The kitchen in the half-a-million-dollar view house pictured above (the million dollar homes were on Scarborough Hill in the first photo) faced away from that fantastic view and was simply ill-designed. After DB got his hammer and tongs on it, it was brilliant. And that’s the view I had from my stove whenever I was cooking. DB is extraordinarily talented in home renovations. Wherever we’ve lived all over the world, he’s literally made the world a better place. At our present abode, he’s turned the old country kitchen into a beautiful functional one.After  (1024x768)

We never let the inevitability of moving hinder us from making home improvements or, for that matter, improvements in our own lives.  As our motto to live by, we’ve adopted the poem Do It Anyway by Dr. Kent M. Keith. Even though we might probably move yet again in a few years, in terms of making home improvements for someone else to benefit, we’re doing it anyway.View from kitchen window (1024x768)





Do It Anyway

Do It Anyway

by Kent M. Keith

When people are unreasonable, illogical and self-centred,

Love them anyway.

When you do good and people accuse you of selfish ulterior motives,

Do good anyway.

It often seems the good you do today will be forgotten tomorrow,

Do your best anyway.

When the biggest people with the biggest ideas are shot down by the smallest people with the smallest minds,

Think big anyway.

When people favour underdogs, but follow only top dogs,

Fight for the underdogs anyway.

When what you’ve spent years building up, is destroyed overnight,

Build anyway.

When people really need help, but attack you when you help them,

Help them anyway.

When you give the world the best you have and you only receive criticism,

Give the world the best you have anyway.

What I Have in Common with Winston Churchill and Laura Hillenbrand

Tortoise2From time to time, I wake up with a feeling of dread, confusion and foreboding.  A glance at my “to do” list – write my April newsletter which is way overdue, write my blog post, promote my book on social media, keep up with emails, plan my July event, clean and cook, tidy my chaotic clothes drawers, organize my summer closet, plant the herbs and spring plants, paint the porch railings, paint the towel rack…and the list goes on – throws me into a tailspin, making me want to withdraw deep into my shell like a tortoise.

Unless they thrive on stress, most people would probably want to pull the bed covers over their heads at the very thought of such a list and not ever surface.  However, people with healthy brains can usually handle such tasks without undue duress, but when one suffers from clinical depression and chronic fatigue, perspective can be ones undoing.  The good news is that I’m not doomed. In fact, I consider myself in great company with the likes of notables who suffer or who have suffered from clinical depression. To name a few: war-time British prime minister, Winston Churchill, who used to refer to his depression as “The Black Dog”,  the great Charles Dickens, Laura Hillenbrand, author of Seabiscuit and the late Mike Wallace of “60 Minutes.”black dog

Among other factors, notwithstanding a drawn-out sinus cold, looking at my “to do” list with dread caused my brain to overload and freeze which certainly didn’t help my productivity.  The brain is often likened to a computer. You get out of it what you program into it.  So to undo my sense of dread, I had to ostensibly ‘reboot’ my brain, as it were, through proactive thinking. I’ve learned that the brain is a marvelous organ that can be taught to change.

Researcher and consultant, Dr. Martin L. Rossman, terms it neuroplasticity [or malleability.] He says imagery is a powerful skill that can bring to bear positive outcomes and behaviour in the parts of the brain (the cerebral cortex, amygdala, thalamus and hippocampus) that control emotions, behaviour and processing memory, and recollection. One can determine positive results in self-directed neuroplasticity – in other words, self-talk.brain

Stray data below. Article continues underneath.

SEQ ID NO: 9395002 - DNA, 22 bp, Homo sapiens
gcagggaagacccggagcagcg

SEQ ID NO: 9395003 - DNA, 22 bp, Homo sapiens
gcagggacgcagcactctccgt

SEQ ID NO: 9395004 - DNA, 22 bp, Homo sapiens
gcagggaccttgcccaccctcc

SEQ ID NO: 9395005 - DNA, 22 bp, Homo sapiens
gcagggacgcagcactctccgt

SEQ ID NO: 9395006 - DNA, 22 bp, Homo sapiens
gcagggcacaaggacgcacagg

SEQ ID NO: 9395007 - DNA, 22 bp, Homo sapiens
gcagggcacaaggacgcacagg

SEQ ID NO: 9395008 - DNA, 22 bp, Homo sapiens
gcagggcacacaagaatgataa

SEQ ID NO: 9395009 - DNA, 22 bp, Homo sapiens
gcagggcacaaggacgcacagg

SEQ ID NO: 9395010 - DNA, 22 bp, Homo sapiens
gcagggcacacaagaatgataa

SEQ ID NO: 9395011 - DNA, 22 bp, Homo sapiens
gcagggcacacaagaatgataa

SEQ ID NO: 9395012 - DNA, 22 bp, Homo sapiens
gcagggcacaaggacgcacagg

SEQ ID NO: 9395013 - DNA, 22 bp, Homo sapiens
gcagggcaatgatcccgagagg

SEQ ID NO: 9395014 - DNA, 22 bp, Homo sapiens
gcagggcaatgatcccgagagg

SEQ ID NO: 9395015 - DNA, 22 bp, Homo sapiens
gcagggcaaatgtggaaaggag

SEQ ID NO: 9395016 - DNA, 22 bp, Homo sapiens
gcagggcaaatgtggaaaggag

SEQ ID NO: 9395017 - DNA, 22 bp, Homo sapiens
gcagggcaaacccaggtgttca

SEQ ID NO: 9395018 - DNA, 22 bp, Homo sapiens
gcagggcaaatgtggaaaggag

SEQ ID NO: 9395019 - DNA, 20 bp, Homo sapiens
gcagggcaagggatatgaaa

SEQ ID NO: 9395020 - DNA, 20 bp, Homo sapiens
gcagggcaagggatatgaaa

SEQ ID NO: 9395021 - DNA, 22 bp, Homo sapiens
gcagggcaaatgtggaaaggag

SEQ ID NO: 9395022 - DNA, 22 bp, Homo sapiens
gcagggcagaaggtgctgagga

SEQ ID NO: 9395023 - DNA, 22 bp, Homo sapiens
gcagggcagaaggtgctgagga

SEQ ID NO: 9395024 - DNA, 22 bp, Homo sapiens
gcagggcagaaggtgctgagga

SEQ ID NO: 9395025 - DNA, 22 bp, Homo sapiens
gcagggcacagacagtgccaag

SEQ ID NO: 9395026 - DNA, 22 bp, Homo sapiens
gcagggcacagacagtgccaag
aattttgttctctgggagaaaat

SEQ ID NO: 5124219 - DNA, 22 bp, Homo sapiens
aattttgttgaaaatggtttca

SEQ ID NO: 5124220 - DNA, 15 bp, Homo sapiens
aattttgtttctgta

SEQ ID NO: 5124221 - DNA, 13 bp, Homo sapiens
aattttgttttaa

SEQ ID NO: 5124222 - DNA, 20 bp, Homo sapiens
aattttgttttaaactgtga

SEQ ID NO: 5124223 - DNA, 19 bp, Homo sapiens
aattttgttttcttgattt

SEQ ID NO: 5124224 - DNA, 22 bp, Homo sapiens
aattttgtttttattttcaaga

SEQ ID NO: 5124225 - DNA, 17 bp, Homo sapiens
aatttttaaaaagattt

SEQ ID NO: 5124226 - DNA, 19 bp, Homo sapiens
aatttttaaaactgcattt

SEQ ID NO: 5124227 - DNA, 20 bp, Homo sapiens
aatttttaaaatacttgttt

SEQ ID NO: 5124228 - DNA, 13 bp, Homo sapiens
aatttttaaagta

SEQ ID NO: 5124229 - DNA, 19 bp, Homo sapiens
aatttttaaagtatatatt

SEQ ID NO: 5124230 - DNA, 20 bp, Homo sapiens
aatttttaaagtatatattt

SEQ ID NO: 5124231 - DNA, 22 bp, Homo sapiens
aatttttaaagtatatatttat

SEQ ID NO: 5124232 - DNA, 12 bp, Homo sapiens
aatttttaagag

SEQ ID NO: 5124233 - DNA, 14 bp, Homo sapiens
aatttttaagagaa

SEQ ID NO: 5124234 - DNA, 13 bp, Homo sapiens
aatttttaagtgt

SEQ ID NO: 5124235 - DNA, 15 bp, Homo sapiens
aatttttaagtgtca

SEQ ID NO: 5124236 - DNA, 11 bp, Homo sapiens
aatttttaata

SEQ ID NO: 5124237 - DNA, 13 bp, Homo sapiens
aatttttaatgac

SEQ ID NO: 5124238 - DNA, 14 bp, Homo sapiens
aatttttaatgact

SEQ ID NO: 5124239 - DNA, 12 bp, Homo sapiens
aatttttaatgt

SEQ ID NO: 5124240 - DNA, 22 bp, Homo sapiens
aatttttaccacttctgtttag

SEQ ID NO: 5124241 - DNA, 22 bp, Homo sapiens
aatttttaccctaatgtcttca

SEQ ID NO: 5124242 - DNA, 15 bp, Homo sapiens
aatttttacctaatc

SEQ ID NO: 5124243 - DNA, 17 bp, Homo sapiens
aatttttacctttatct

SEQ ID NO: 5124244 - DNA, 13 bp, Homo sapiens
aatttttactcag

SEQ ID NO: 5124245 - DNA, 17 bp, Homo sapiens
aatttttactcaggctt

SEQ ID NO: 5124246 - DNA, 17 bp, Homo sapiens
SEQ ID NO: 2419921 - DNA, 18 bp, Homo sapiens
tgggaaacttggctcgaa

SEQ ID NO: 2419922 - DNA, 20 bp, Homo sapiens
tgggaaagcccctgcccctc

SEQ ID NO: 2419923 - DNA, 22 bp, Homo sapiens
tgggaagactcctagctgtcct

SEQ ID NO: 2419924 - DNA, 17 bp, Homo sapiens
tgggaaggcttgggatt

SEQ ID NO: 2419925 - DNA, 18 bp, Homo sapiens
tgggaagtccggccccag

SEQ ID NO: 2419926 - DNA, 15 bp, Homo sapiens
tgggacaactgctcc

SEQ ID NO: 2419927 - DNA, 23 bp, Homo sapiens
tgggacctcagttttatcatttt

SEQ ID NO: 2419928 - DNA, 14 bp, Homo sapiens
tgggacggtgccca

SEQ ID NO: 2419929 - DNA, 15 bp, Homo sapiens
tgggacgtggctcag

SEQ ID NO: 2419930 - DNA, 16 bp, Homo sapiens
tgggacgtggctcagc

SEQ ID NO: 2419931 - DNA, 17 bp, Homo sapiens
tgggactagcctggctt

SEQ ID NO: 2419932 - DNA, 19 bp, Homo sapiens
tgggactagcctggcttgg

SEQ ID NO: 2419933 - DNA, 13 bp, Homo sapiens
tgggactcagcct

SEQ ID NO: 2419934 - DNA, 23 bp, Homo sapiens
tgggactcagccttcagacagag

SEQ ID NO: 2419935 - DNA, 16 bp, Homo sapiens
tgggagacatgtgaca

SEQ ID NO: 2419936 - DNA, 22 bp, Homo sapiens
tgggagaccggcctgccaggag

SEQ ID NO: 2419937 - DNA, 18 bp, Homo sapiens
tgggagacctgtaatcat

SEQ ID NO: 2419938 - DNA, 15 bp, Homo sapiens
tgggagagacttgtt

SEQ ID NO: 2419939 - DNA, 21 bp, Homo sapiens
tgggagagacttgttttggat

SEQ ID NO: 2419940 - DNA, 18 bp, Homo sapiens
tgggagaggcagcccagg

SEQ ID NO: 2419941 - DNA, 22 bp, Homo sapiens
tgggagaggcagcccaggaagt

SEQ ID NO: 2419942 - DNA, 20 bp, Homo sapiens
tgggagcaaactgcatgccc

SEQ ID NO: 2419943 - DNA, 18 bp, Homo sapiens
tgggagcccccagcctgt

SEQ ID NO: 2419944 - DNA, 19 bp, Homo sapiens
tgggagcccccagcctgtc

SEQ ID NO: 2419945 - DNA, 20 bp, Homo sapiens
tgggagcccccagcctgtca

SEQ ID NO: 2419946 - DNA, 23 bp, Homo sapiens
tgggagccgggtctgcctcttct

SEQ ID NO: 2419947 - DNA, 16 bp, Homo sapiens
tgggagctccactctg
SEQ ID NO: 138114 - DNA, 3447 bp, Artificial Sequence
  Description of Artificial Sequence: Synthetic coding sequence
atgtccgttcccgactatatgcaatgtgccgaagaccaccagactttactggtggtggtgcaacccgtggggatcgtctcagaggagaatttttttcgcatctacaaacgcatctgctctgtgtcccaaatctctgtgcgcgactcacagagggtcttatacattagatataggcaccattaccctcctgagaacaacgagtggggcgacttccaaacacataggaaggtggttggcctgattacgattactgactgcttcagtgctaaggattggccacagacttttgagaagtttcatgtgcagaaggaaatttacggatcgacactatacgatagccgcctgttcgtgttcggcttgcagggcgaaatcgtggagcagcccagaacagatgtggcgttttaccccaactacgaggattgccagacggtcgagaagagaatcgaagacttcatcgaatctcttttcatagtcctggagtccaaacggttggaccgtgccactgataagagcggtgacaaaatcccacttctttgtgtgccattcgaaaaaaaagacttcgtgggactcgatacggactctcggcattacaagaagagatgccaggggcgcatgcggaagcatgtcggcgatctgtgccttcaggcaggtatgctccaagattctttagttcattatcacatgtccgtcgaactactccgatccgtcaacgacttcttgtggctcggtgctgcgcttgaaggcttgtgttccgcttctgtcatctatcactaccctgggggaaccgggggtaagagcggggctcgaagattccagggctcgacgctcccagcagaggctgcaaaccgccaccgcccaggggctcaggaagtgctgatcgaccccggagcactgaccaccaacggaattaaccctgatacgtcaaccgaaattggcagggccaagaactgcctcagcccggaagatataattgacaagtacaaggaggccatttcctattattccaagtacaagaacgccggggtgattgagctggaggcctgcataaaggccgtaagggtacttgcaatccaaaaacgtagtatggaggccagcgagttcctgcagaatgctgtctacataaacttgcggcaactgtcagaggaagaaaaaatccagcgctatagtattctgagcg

How I dealt with the negative feelings with which I awoke over the past few days was to replace negative visualization and self-talk with positive imagery and actions. Firstly, I put on energetic, mood-uplifting music, I pampered myself with a cup of gourmet coffee, sat on my lovely porch and had a nice little chat with myself!

“Did the world come to a cataclysmic end because I missed my April newsletter deadline?”

“Am I a bad person because I have low energy and can’t perform like some kind of superwoman?”

“Do I wish to spiral down into the abyss with stress-inducing runaway thoughts that are energy-sapping and counter-productive to my well-being?”

My answer was “no” to all the above. Bad thoughts place one on a treadmill of worry, self-doubt, anxiety, fear and a downward spiral to one’s nadir. I chose to feed my cortex with images of peaceful and happy thoughts that travel to those parts of my brain where the neurotransmitters can create healthy senses, intelligence, movement and mood.

The outcome was pretty darn good – I got the newsletter written and turned it into this blog!

An Immoral Proposal: A Memoir

Book CoverI was born under South Africa’s apartheid regime – a system where a white minority government (only white people had a vote) held absolute sway, and segregation based on the colour of one’s skin was the policed order of the day. Under this political climate coupled with a fragmented childhood, my sense of belonging – where I fitted in – was a constant emotional battle.

My birth certificate classifies me as “Cape Coloured” (`Coloured` as in mixed race). The ‘Cape’ part is easy to understand, that’s the region where I started life – Cape Town, Cape Province. But what did Coloured mean?  The apartheid government legally defined us as a group of people who “fail to pass for White.” How do you ‘find’ yourself, being both Non-White and Non-Black, while you’re forever wandering about in a no-man’s land in terms of your societal worth?

To compound my problem, at age nineteen, I found myself embroiled in a situation that I knew was illegal and meant up to seven years imprisonment if caught and found guilty, but how can you tell your heart to stop loving. The Immorality Act, legislated in 1950 banning sexual relations and marriage between Whites and any Non-white ethnic groups is one of many apartheid laws that caused untold heartache and tragedy for couples who contravened that law.

Falling in love with a white man and vice versa, against all odds, was a disaster waiting to happen. Read all about it on  This is book is also available on Kindle.